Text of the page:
Tahirih Houston Executive Director Anne Chandler wrote this firsthand account after visiting the U.S. – Mexico border on June 4, 2018.
I just got back from the Federal Courthouse in McAllen, Texas, a border town where refugees are being prosecuted for entering the country because of a new government policy. What I witnessed was, as one attorney put it, a “manufactured crisis.” I saw people denied basic human needs, like water, food, and a shower. I saw refugees who have done nothing but ask for help treated like criminals.
I sat in the courtroom at 7:30 in the morning as parents arrived in shackles from the U.S. Customs and Border Protection station, facing a federal judge on the charge of “illegal entry.” The benches were packed with immigrants sitting shoulder to shoulder, bleary eyed. They looked famished. Their expressions were of anguish and desperation.
Never in my 20-year career as an immigration lawyer working with refugees and asylum seekers had I seen anything like this. Our system has always had flaws, but I believed our nation honored its obligations under the international laws governing the treatment of refugees. I also believed we would do our best as a nation to uphold the values of freedom and fairness. Most of all, I believed we would always strive to treat one another as human beings.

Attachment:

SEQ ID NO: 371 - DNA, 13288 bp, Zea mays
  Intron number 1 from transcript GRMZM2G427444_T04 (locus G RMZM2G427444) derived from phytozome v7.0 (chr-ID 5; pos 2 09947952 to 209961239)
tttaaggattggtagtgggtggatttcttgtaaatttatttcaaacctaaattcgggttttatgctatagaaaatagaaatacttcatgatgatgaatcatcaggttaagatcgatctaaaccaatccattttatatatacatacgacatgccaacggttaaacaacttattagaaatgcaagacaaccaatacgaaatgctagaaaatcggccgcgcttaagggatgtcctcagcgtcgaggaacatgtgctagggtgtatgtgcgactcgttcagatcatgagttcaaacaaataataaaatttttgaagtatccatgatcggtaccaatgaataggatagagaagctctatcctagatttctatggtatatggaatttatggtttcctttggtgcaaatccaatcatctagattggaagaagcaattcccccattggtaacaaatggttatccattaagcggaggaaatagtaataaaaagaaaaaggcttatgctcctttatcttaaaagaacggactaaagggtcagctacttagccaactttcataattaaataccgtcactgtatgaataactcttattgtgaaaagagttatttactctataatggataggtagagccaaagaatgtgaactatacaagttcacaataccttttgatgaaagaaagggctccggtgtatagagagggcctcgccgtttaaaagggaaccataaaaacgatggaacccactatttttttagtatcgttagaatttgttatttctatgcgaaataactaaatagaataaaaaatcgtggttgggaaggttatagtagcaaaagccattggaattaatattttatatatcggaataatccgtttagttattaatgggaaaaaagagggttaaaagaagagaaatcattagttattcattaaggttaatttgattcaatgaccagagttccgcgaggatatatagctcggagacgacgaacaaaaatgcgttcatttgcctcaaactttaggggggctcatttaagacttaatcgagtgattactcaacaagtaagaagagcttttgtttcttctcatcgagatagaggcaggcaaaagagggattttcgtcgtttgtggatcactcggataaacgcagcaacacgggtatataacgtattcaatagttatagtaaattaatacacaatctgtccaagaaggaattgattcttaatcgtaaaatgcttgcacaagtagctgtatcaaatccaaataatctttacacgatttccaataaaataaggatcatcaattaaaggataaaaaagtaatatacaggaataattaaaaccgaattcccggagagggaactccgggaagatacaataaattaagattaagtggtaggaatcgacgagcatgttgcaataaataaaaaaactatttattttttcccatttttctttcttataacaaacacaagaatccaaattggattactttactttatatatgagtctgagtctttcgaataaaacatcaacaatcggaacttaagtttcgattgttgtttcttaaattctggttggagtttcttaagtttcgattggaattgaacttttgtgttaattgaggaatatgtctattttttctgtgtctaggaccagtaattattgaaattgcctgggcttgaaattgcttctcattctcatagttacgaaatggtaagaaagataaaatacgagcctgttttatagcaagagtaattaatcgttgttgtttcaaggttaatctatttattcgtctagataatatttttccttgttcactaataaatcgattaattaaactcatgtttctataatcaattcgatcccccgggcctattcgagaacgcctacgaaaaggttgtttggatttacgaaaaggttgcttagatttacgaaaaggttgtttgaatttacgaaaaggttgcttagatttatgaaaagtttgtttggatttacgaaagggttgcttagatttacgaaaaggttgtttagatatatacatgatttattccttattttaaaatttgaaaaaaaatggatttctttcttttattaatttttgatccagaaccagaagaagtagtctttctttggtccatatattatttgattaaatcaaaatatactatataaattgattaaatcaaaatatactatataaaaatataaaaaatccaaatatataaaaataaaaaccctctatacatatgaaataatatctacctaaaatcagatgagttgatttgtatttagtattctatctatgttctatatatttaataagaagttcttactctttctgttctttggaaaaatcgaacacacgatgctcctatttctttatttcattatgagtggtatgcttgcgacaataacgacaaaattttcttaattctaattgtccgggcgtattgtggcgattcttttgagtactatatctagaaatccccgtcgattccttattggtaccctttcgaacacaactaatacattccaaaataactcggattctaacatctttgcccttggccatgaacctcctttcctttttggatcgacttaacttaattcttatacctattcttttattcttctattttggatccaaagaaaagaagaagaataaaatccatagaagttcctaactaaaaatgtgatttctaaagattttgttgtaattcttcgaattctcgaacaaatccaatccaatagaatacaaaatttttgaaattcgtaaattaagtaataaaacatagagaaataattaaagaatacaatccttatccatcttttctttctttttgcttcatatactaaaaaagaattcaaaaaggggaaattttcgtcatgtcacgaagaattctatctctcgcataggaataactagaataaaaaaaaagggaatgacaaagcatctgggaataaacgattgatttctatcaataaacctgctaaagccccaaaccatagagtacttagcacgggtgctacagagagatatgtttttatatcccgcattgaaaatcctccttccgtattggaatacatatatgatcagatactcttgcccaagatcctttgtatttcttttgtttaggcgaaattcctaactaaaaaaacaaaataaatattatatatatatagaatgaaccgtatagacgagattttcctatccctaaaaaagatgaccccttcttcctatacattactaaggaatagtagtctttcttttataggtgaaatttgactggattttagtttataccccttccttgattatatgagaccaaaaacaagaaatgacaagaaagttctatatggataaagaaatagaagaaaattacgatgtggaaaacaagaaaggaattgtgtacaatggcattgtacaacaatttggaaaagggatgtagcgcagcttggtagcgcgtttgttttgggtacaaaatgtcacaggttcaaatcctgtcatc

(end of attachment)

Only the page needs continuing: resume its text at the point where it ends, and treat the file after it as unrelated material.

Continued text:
But I saw something different in McAllen. I saw dozens upon dozens of heartbroken parents who didn’t know the whereabouts of their children.
One father was shaking as he explained that he didn’t know if his child had been fed or is being mistreated. Another parent asked if his son would have to wear shackles to court.
Some parents hadn’t heard or seen from their children in days, and had no idea where they were being held. They didn’t even know if their children were given medicine for conditions like epilepsy. Many parents reported that border patrol officials had told them that they would be reunited with their children if they plead guilty. Where is the fairness in that?
Families are fleeing rape, violence, and persecution, leaving behind everything they know in Guatemala, Honduras, and El Salvador to find safety. And this is the treatment they receive after an arduous, unsafe journey to the border to find an end to violence.
One mother, who had never previously been away from her five year old, explained how the girl was screaming and vomiting as she was taken away. The mother plead with the U.S. official to be given a moment to comfort her daughter. The answer was no.
My first impression in that courtroom was that we are treating these people like animals. But I came away feeling that we are the animals here, for treating people in this horrifying way. This is truly and without question a very dark moment in our nation’s history.